Angelman Syndrome and Prader-Willi Syndrome Testing

Angelman Syndrome and Prader-Willi Syndrome by Methylation-Sensitive PCR 2005077
Method: Methylation Sensitive Polymerase Chain Reaction/Fluorescence Monitoring

Preferred initial diagnostic test for AS or PWS

Establish diagnosis in individuals with clinical symptoms

Angelman Syndrome (UBE3A) Sequencing 2005564
Method: Polymerase Chain Reaction/Sequencing

Second-tier test for the diagnosis of AS

Order if suspicion for AS remains after normal methylation analysis

Establish diagnosis in individuals with clinical symptoms of AS and normal DNA methylation

Related Tests
Angelman Syndrome and Prader-Willi Syndrome by Methylation-Sensitive PCR, Fetal 2012232
Method: Methylation Sensitive Polymerase Chain Reaction/Fluorescence Monitoring

Prenatal testing for AS or PWS

Identifies cases resulting from molecular mechanisms that produce abnormal methylation patterns

Chromosome FISH, Metaphase 2002299
Method: Fluorescence in situ Hybridization

Follow-up for abnormal methylation test for AS

Cytogenomic SNP Microarray 2003414
Method: Genomic Microarray (Oligo-SNP Array)

Follow-up for abnormal methylation test for AS

Rett Syndrome (MECP2), Sequencing and Deletion/Duplication 0051614
Method: Sequencing/Multiplex Ligation-dependent Probe Amplification

Rule out an MECP2 gene mutation in individuals with clinical features of AS who lack a molecular abnormality involving 15q11.2-q13

Familial Mutation, Targeted Sequencing 2001961
Method: Polymerase Chain Reaction/Sequencing

Useful when a pathogenic familial variant identifiable by sequencing is known.

Angelman syndrome (AS) and Prader-Willi syndrome (PWS) are complex neurodevelopmental disorders characterized by developmental delay and intellectual disability, as well as symptoms unique to each disorder (eg, unique happy demeanor in AS, excessive eating in PWS). Both conditions are linked to loss of function of genes in the 15q11.2-q13 region.  

Disease Overview

Prevalence

  • AS: one in 12,000-24,000
  • PWS: one in 10,000-30,000

Age of Onset

  • AS: 6-12 months
  • PWS: Neonatal

For more information about the clinical characteristics of AS and PWS, see the Angelman Syndrome and Prader-Willi Syndrome Consult topic.

Genetics

Genes

15q11.2-q13 region

Etiologies

  • Deletion of 15q11.2-q13 (AS: maternal; PWS: paternal)
  • Uniparental disomy (UPD) for chromosome 15 (AS: paternal; PWS: maternal)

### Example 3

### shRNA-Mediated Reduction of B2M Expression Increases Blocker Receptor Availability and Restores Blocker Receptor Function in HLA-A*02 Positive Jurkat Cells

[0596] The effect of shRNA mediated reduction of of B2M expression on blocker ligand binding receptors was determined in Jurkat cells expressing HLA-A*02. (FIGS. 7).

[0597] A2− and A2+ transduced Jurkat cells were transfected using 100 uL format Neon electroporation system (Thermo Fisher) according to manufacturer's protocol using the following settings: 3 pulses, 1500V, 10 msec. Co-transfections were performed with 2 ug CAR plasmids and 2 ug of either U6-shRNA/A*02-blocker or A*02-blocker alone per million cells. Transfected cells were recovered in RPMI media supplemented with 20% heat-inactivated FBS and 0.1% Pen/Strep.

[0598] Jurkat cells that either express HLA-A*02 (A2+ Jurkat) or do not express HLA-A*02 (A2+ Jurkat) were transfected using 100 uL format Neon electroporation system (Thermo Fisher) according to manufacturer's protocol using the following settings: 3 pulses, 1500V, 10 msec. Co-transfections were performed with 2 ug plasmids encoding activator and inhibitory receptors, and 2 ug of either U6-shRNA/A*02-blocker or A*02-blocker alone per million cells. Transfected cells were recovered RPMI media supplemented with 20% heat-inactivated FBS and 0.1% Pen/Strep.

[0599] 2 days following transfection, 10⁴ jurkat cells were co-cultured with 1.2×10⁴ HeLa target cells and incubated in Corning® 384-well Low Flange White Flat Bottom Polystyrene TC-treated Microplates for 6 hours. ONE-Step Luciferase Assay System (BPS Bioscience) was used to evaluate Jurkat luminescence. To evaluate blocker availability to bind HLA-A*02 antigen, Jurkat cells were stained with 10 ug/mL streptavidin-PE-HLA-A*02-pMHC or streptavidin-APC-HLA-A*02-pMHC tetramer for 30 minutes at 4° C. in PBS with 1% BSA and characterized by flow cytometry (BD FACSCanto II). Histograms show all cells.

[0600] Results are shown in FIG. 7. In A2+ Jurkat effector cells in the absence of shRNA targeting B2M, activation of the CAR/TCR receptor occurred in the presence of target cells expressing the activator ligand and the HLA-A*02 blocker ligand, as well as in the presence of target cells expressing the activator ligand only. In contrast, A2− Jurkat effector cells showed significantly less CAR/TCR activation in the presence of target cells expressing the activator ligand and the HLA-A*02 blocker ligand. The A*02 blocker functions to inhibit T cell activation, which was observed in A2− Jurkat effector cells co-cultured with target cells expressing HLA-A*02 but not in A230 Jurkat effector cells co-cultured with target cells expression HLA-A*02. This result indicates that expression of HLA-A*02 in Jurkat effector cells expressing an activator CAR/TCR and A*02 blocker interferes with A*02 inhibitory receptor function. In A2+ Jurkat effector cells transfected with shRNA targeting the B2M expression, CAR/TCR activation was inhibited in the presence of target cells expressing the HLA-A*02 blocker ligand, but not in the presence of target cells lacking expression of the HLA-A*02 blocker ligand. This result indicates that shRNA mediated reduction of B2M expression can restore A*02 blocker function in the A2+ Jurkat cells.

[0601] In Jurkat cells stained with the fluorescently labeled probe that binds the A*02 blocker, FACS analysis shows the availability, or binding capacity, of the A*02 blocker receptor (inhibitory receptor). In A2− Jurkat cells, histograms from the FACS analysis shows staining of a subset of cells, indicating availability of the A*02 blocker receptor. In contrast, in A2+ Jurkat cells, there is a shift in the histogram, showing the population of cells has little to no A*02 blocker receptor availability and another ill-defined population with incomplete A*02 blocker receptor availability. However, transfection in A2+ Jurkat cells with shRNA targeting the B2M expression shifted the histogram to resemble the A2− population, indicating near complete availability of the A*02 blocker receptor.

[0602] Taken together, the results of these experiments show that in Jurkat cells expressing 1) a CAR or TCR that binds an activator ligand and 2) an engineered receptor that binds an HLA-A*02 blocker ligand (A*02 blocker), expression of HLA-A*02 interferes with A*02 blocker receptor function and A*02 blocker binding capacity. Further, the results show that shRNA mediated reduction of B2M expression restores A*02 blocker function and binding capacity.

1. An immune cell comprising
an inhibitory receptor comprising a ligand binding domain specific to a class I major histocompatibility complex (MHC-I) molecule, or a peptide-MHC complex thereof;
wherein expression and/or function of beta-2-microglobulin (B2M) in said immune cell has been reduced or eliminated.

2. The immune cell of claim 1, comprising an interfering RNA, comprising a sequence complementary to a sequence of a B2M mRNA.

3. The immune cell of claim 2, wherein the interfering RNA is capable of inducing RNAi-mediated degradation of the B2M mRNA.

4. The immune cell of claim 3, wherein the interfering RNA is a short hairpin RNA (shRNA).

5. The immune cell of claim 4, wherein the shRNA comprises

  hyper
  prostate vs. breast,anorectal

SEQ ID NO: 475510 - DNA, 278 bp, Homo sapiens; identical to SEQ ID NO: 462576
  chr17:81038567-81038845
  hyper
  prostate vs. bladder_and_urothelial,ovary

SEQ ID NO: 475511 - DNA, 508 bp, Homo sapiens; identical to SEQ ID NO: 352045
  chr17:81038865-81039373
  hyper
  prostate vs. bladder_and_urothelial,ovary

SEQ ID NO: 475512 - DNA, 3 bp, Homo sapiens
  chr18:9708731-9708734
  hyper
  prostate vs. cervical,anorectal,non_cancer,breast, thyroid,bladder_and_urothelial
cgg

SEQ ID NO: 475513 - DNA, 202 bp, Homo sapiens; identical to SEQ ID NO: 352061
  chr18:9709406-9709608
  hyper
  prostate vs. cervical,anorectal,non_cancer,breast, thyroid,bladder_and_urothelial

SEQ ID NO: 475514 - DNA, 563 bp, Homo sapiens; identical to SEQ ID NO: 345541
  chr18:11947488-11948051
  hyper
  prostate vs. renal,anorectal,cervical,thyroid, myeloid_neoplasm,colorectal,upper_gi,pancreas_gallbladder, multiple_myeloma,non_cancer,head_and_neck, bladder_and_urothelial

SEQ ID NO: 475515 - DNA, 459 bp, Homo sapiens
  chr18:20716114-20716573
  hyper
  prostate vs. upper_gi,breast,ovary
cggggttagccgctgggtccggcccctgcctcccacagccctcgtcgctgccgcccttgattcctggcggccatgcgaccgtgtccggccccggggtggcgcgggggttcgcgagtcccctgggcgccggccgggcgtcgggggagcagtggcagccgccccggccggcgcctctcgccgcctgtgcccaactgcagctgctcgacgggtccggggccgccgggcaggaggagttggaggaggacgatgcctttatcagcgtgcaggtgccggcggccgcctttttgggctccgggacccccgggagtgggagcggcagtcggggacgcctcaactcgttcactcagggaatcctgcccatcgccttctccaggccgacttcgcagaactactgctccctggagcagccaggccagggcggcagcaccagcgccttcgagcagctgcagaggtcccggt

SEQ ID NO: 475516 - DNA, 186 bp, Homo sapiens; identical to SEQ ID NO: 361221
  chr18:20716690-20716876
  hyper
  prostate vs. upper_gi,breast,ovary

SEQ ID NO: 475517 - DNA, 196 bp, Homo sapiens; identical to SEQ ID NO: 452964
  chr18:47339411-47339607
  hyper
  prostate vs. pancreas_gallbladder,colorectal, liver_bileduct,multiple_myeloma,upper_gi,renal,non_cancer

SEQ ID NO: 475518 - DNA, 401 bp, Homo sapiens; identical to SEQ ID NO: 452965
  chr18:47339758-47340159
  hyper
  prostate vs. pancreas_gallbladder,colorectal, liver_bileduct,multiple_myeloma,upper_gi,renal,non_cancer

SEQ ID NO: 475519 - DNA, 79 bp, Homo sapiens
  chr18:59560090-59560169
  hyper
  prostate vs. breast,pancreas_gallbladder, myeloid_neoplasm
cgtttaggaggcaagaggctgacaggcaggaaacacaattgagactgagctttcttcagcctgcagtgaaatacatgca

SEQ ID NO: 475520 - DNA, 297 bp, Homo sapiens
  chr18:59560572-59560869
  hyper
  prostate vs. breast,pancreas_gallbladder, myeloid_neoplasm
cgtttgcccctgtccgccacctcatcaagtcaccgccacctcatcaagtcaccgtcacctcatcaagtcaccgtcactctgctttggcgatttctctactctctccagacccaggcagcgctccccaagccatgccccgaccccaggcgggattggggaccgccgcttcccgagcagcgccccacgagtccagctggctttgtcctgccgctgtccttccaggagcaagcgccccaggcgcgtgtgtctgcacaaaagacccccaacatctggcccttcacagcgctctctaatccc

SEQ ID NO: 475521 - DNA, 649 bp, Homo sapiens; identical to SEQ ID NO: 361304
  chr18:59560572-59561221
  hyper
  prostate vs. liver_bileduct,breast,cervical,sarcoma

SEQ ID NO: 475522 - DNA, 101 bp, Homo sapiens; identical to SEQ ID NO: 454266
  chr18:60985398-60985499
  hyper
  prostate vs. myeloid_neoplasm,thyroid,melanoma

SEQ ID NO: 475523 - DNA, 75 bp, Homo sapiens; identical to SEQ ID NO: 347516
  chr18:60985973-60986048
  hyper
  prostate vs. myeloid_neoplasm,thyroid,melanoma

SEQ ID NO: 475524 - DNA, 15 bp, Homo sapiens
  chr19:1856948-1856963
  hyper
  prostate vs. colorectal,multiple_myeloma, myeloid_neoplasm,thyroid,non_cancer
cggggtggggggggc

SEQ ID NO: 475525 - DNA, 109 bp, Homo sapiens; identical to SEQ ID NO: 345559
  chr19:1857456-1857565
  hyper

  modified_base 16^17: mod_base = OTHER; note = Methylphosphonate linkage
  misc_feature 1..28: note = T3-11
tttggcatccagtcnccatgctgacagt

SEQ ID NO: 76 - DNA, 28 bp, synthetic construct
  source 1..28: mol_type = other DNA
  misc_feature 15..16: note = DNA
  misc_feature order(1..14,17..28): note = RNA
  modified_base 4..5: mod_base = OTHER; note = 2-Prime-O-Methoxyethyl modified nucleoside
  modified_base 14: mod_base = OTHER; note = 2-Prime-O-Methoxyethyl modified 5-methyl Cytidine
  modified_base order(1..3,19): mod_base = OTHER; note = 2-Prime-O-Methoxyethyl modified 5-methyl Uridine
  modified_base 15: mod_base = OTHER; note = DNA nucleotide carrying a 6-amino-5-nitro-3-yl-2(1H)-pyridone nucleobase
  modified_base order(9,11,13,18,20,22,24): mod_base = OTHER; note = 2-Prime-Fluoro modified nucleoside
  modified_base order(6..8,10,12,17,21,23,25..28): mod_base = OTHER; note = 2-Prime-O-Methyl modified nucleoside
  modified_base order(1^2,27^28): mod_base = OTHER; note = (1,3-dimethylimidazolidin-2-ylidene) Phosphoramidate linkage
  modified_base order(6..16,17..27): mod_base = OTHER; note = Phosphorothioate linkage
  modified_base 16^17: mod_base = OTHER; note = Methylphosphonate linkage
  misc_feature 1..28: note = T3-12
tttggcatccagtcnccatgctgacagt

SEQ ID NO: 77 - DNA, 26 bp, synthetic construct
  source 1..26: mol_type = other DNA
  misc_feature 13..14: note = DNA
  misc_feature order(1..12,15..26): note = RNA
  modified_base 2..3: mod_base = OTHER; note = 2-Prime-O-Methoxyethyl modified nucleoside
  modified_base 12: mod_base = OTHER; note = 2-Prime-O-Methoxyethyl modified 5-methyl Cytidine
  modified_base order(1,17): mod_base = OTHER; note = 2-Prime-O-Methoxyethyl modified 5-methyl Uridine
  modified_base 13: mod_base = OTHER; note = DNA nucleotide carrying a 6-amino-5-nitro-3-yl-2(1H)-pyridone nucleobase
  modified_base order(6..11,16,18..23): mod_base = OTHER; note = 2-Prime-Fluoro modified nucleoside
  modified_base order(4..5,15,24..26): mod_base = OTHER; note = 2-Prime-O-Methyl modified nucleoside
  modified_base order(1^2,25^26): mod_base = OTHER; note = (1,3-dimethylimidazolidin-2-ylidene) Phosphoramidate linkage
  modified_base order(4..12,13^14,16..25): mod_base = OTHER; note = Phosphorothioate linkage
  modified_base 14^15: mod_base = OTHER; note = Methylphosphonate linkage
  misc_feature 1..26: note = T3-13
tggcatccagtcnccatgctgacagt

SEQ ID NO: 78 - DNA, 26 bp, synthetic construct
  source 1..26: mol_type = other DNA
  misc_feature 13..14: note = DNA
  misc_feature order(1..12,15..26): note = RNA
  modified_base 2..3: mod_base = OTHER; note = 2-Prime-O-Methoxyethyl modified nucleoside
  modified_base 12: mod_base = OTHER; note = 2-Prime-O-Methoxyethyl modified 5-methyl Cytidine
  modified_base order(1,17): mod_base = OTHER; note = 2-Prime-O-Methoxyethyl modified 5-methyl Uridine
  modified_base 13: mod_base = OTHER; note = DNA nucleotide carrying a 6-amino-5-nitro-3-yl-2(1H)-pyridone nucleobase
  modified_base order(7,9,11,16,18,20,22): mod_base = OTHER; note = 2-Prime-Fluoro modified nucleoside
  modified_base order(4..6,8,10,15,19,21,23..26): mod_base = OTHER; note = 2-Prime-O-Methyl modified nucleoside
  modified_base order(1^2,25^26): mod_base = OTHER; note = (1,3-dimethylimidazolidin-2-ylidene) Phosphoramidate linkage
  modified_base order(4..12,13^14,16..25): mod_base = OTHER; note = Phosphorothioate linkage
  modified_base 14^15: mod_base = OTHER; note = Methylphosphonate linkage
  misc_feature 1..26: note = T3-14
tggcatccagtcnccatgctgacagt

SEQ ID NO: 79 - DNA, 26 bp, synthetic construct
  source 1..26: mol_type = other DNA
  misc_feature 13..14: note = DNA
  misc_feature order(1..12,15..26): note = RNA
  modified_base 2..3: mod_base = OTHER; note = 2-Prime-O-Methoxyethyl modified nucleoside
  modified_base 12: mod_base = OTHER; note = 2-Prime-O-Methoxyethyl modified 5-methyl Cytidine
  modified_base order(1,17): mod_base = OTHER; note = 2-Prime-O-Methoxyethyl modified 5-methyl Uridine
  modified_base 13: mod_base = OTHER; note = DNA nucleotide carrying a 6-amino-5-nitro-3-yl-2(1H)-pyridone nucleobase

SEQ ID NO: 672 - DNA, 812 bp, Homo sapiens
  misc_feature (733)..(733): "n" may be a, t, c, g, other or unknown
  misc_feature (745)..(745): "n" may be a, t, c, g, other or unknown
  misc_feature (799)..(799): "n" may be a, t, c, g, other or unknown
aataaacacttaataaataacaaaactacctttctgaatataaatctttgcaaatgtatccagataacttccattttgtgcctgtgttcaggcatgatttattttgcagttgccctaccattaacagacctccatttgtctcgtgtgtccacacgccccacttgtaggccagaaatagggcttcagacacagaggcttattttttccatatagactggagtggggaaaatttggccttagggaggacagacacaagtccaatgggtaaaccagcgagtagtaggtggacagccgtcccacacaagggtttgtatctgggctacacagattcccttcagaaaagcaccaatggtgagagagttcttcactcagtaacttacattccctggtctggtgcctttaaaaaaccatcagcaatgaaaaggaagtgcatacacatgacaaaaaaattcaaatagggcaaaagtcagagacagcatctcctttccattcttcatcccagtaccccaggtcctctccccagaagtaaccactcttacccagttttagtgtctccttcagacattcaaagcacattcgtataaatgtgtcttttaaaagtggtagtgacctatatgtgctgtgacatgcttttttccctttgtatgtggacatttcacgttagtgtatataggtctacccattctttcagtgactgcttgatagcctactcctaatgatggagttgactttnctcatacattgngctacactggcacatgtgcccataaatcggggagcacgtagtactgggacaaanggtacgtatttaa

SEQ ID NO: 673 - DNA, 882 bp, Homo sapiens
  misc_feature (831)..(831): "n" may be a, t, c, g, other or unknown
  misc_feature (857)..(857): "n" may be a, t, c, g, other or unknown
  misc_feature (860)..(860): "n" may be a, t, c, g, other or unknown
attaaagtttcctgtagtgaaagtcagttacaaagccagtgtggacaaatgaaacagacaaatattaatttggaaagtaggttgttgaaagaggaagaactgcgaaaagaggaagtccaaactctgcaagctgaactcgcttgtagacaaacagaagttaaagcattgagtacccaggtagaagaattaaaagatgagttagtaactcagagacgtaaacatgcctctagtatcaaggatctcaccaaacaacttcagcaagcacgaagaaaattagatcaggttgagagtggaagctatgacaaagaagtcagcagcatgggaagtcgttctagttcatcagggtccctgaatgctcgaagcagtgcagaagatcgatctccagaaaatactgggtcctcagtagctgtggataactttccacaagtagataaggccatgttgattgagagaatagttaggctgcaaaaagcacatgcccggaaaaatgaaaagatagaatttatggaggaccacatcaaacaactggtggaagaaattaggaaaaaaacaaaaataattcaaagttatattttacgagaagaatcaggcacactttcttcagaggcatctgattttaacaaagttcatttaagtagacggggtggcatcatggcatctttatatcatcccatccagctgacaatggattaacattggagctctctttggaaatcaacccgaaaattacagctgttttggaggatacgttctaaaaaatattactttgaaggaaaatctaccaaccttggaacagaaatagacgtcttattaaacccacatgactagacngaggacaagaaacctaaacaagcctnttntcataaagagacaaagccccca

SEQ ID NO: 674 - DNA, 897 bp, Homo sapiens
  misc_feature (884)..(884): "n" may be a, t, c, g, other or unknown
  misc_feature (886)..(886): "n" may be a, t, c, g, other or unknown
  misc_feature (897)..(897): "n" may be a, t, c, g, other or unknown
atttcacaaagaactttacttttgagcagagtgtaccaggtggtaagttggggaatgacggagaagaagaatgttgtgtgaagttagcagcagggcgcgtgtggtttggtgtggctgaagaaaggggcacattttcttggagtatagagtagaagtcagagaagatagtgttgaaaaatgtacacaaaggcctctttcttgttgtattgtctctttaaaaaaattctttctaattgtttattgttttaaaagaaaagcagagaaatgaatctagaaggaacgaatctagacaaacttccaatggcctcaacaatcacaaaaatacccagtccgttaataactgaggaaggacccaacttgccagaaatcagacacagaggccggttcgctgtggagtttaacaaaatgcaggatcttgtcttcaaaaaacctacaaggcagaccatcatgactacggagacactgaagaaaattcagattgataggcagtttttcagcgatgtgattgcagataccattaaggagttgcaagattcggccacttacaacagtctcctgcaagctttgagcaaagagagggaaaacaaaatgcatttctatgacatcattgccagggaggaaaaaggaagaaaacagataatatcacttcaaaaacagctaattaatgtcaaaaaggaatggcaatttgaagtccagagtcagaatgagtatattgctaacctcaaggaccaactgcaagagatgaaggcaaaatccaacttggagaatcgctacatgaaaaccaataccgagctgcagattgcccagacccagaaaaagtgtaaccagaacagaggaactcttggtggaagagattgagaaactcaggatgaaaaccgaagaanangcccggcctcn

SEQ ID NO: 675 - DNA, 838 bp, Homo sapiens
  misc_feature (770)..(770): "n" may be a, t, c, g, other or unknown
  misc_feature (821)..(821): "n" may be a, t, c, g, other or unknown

• UBE3A gene mutation (AS only)
  • Imprinting center defect
  • Unbalanced chromosome translocation
  • Unidentified (AS only)

For more information about the underlying mechanisms of AS and PWS, see the Angelman Syndrome and Prader-Willi Syndrome Consult topic.

Prenatal Screening

  • Prenatal testing is recommended for subsequent pregnancies of couples who have a previous child with AS or PWS
  • Parental testing does not exclude somatic and/or germline mosaicism
  • Methylation testing is not offered on chorionic villus samples
  • Incomplete methylation in early embryonic development may cause false-positive results

Test Interpretation

  DNA Methylation UBE3A Gene Sequencing
Clinical sensitivity

AS: ~80%

PWS: >99%

AS: 11%

PWS: n/a

Analytical sensitivity

99%

99%

Positive result

Absence of appropriate methylated parental allele confirms diagnosis

Follow-up with fluorescence in situ hybridization (FISH)  or array comparative genomic hybridization (CGH) to determine whether deletion is present

  • If large deletion is present
  • If FISH is normal
    • Order DNA polymorphism analysis to distinguish between UPD and imprinting defect
  • If no UPD
    • Order further DNA studies to detect imprinting defect

Testing of both parents may be necessary

Confirms diagnosis of AS in symptomatic individual

Inconclusive result

n/a

Gene variant detected, but whether the variant is benign or pathogenic is unclear

Limitations

Specific molecular mechanism responsible for abnormal methylation  results cannot be determined via this test alone

AS or PWS resulting from molecular mechanisms that do not affect methylation patterns will not be identified

Diagnostic errors can occur due to rare sequence variations

Regulatory mutations, deep intronic mutations, and large deletions/duplications will not be detected

Diagnostic errors may occur due to rare sequence variations

n/a, not applicable

References 
  1. Diagnostic testing for Prader-Willi and Angelman syndromes: Report of the ASHG/ACMG Test and Technology Transfer Committee. Am J Hum Genet. 1996; 58(5): 1085-8. PubMed
  2. Dagli AI, Mueller J, Williams CA. Angelman Syndrome. In: Adam MP, Ardinger HH, Pagon RA, Wallace SE, eds. GeneReviews, University of Washington, 1993-2019. Seattle, WA [Updated: Dec 2017; Accessed: Jul 2019]
  3. Driscoll D, Miller J, Schwartz S, Cassidy S. Prader-Willi Syndrome. In: Adam MP, Ardinger HH, Pagon RA, Wallace SE, editors. GeneReviews, University of Washington, 1993-2019. Seattle, WA [Last updated: Dec 2017; Accessed: Jul 2019]
  4. Goldstone AP, Holland AJ, Hauffa BP, Hokken-Koelega AC, Tauber M, speakers contributors at the Second Expert Meeting of the Comprehensive Care of Patients with PWS. Recommendations for the diagnosis and management of Prader-Willi syndrome. J Clin Endocrinol Metab. 2008; 93(11): 4183-97. PubMed
  5. Ramsden SC, Clayton-Smith J, Birch R, Buiting K. Practice guidelines for the molecular analysis of Prader-Willi and Angelman syndromes. BMC Med Genet. 2010; 11: 70. PubMed

Last Update: August 2019